Yesterday evening the polls closed, the votes were tallied, and the campaign commercials on TV were replaced with the more familiar car dealer and furniture store ads. Another Presidential election is over, and a new term begins soon.
The closeness of this contentious election means that no mandate can be claimed by either side. The electorate has been pretty evenly divided since at least 2000. With every election since then, the winner has declared a “mandate” and then proceeded to over-reach. Those who believe that President Obama’s agenda will be implemented as a rubber stamp should remember the split leadership in the Congress will require bi-partisan compromise to enact legislation. This is one of the advantages of our form of government in the US. I believe that if there is one mandate issued by voters, it is that they expect bi-partisan compromise rather than partisan sniping and posturing.
What can we expect now that President Obama has been re-elected, a Republican majority has been retained in the House of Representatives and a Democratic majority has been maintained in the Senate?
First, expect the markets to bring European economic woes back into focus. In the bright light of the Presidential campaigns, reports about other world developments were pushed to the background. The news there is not good. Germany, considered the strongest economy in the Euro Zone, reported very weak economic growth over the past week. There continue to be woes in Greece (who will need another bailout) and Spain, along with legitimate worries that this decline could spread to other Euro Zone economies. At best, we expect that the Euro Zone will experience a recession that will range from mild in some countries to rather drastic in others. Since the Euro Zone makes up a large part of the world’s economy, this will have impact world-wide.
Next, issues around sequestration (the so-called “fiscal cliff”) need to be dealt with before year-end. We continue to believe that sequestration will likely be avoided simply because it is bad policy and everyone has too much to lose. But there could be damage to the economy and the markets as this issue is debated. I heard some commentators this morning opine that if the President does not get his way on taxes, then he may choose to go over the fiscal cliff. If so, taxes will automatically be raised and the negotiations will switch to which tax rates to decrease rather than which taxes to raise. However, this tactic would fly in the face of the bi-partisanship that voters are seeking.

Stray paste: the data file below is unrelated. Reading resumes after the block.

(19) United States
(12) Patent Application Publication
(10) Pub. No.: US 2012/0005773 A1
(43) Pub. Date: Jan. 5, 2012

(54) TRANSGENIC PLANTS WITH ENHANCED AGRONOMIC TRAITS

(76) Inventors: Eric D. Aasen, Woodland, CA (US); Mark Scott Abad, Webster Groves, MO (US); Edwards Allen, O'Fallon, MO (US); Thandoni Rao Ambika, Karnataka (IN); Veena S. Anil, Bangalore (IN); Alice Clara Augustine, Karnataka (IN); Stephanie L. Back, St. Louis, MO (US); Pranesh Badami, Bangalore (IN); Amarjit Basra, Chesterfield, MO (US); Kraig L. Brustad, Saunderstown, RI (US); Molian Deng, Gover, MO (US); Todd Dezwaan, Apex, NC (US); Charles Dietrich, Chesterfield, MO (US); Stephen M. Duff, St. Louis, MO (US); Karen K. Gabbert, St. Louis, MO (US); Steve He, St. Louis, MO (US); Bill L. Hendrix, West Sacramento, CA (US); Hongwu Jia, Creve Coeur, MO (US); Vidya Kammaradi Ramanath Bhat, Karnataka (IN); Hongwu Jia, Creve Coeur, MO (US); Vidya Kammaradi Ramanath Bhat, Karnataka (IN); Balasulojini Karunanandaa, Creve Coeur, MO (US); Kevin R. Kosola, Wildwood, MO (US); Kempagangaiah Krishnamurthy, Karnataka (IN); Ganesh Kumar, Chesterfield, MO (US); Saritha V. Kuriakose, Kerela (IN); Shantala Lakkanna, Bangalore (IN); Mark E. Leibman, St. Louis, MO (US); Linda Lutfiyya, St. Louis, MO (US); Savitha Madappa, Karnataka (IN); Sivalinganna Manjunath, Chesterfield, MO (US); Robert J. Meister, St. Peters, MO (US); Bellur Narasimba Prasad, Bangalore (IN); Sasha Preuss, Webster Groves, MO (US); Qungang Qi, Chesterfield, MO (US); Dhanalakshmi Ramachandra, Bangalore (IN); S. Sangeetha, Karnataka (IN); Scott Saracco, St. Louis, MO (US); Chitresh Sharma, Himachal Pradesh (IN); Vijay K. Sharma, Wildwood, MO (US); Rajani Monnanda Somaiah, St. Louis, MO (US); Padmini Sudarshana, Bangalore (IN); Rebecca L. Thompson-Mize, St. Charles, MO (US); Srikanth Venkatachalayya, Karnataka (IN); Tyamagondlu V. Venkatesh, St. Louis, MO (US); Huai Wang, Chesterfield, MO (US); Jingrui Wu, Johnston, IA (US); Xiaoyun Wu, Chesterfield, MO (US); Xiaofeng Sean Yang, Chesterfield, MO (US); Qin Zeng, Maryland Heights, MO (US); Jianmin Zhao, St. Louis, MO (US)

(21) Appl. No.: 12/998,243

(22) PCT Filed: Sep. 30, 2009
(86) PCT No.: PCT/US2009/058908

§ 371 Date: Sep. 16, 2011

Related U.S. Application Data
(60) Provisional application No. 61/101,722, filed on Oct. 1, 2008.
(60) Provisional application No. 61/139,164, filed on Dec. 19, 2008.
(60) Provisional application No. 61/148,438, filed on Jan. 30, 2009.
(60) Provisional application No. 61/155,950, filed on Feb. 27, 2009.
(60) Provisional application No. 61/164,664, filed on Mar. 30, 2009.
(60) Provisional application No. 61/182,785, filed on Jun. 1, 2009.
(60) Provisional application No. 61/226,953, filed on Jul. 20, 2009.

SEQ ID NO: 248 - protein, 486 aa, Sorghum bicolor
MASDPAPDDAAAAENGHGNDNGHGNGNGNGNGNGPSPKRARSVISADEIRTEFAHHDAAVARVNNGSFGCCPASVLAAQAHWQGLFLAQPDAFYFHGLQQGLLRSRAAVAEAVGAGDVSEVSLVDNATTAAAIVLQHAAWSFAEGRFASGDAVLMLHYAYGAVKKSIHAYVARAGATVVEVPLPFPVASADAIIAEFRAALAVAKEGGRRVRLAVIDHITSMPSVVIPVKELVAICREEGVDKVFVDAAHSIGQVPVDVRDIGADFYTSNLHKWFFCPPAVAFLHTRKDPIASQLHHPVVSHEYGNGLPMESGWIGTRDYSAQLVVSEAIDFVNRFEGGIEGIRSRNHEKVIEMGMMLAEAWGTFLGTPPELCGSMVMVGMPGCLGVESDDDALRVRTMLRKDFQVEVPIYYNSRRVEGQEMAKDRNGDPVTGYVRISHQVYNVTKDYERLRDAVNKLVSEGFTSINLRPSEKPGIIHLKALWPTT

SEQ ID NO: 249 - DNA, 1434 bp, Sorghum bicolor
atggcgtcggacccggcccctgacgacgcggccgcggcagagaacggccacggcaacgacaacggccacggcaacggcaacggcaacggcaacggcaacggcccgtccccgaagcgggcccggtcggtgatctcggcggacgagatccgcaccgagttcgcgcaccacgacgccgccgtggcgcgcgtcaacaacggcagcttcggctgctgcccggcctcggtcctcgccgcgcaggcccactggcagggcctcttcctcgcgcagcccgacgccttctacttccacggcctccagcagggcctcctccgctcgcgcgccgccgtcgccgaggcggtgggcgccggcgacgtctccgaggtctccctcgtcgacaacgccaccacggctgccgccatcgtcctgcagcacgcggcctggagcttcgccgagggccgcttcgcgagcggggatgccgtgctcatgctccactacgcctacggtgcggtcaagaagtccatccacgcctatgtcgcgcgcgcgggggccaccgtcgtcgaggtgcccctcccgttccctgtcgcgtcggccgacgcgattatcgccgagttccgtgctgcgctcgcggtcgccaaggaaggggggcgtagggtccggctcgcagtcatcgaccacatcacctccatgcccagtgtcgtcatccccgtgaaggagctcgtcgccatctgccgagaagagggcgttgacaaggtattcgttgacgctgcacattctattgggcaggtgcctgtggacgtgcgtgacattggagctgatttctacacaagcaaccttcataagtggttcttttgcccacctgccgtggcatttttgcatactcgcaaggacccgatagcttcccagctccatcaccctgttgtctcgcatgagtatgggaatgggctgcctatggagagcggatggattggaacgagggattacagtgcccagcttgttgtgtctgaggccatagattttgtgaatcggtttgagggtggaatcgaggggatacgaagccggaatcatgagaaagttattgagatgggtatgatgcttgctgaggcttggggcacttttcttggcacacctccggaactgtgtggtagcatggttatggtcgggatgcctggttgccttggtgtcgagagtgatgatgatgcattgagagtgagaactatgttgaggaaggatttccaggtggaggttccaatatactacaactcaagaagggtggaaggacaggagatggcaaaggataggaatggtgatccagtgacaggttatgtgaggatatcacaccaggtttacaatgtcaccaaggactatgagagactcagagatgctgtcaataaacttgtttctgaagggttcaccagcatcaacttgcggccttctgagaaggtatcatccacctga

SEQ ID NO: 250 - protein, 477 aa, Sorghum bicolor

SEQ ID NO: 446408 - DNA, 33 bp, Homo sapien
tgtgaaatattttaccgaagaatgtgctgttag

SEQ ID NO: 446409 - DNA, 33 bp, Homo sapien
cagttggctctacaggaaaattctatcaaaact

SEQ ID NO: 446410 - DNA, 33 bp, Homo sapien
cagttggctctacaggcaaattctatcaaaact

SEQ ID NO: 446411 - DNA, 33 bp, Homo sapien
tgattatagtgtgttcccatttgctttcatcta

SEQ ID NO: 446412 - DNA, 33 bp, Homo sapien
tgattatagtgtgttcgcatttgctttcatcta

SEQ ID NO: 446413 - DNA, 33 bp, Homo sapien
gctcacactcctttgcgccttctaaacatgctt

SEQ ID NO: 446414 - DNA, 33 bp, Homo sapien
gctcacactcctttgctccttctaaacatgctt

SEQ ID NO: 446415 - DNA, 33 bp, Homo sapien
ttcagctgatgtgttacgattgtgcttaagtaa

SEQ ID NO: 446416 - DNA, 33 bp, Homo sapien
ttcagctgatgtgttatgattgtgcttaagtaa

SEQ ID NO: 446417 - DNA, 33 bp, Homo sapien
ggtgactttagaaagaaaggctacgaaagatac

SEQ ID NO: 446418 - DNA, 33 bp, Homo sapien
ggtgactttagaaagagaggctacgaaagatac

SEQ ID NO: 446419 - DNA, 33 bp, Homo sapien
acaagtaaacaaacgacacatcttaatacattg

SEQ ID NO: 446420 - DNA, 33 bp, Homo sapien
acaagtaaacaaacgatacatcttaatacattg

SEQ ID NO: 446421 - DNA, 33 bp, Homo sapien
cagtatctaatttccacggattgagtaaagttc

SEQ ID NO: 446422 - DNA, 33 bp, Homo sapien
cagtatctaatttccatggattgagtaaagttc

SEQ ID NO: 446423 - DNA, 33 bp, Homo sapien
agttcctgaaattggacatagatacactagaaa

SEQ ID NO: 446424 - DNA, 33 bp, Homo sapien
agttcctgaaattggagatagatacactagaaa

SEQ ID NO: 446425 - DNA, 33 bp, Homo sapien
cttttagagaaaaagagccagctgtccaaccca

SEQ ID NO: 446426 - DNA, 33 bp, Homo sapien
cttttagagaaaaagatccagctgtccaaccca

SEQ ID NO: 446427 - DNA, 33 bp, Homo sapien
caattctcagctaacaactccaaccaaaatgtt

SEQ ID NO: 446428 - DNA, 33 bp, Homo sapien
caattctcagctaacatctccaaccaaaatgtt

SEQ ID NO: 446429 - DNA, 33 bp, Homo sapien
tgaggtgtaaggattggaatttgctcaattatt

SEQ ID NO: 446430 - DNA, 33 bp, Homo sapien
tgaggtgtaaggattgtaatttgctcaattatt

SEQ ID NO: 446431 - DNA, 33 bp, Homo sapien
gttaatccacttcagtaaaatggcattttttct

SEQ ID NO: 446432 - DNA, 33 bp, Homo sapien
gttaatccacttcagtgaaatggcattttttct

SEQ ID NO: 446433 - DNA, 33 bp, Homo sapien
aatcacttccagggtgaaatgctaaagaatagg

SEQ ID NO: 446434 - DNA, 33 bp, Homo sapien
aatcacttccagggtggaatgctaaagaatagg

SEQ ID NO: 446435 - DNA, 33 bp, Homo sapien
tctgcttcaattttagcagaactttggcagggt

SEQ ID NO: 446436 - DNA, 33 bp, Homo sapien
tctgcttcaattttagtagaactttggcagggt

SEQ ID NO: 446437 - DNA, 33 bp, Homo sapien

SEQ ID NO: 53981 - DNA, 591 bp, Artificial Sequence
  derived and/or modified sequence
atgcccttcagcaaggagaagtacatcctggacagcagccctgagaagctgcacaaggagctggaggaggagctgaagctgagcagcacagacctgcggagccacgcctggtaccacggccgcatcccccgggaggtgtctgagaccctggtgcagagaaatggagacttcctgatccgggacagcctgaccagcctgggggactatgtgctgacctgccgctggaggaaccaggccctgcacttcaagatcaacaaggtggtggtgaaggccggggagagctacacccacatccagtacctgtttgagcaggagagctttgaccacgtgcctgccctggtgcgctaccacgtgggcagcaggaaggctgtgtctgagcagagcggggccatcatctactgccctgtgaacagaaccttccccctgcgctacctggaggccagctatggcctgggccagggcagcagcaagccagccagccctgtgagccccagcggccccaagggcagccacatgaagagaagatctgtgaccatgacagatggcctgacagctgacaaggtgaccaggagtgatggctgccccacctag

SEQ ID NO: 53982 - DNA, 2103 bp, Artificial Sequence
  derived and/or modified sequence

We believe that tax reform and entitlement reform are two major issues that the President and Congress need to address in 2013. While we believe that Governor Romney was more likely to push forward with tax reform, there is no reason to believe that President Obama will not pick up the mantle in this area. Tax reform would eliminate some of the uncertainty facing the economy. Uncertainty over tax reform, regulatory red tape and reservations about the Affordable Care Act (“Obamacare”) were listed as the major impediments to hiring and capital expenditure decisions according to a recent survey by the National Federation of Independent Business, an organization of small business owners.
As for entitlement reform, we believe that both candidates were somewhat disingenuous during their campaigns. If they were being honest, they would have mentioned that raising taxes and limiting discretionary spending would only go so far in reducing the debt burden of future generations. Over the next few decades, entitlements (and the interest on the debt to pay for the entitlements) will take up an ever-increasing percentage of the federal budget. Entitlement reform has sometimes been referred to as the “third rail” of politics; politicians consider it too dangerous a topic to discuss. However, in our opinion, this is something that will need to be addressed or we (or our progeny) will face much bigger consequences later.
Last, we do not think that the election results foretell an imminent collapse of the US dollar as some believe. We also do not think you should go out and buy barbed wire, new firearms or fill your bomb shelter with gold bars. At present there are no credible threats to supplant the US dollar as the reserve currency of the world. Of course, there may be bad policy decisions made that could cause a decline in the US dollar over time. It’s also possible that other currencies from faster-growing economies may appreciate relative to the US dollar.
There are reasons to be optimistic over the long-term (see my blog: Why I am Optimistic). Specifically, the developing resurgence in residential real estate and the progress toward increased energy independence have momentum and will continue to have a gradual, positive impact on the US and world economies. Again, there may be bad policy decisions implemented that could slow (but not stop) the momentum from these developments. We will keep an eye on these issues and update you as the situations play out.
Please contact me with any questions you may have about these thoughts.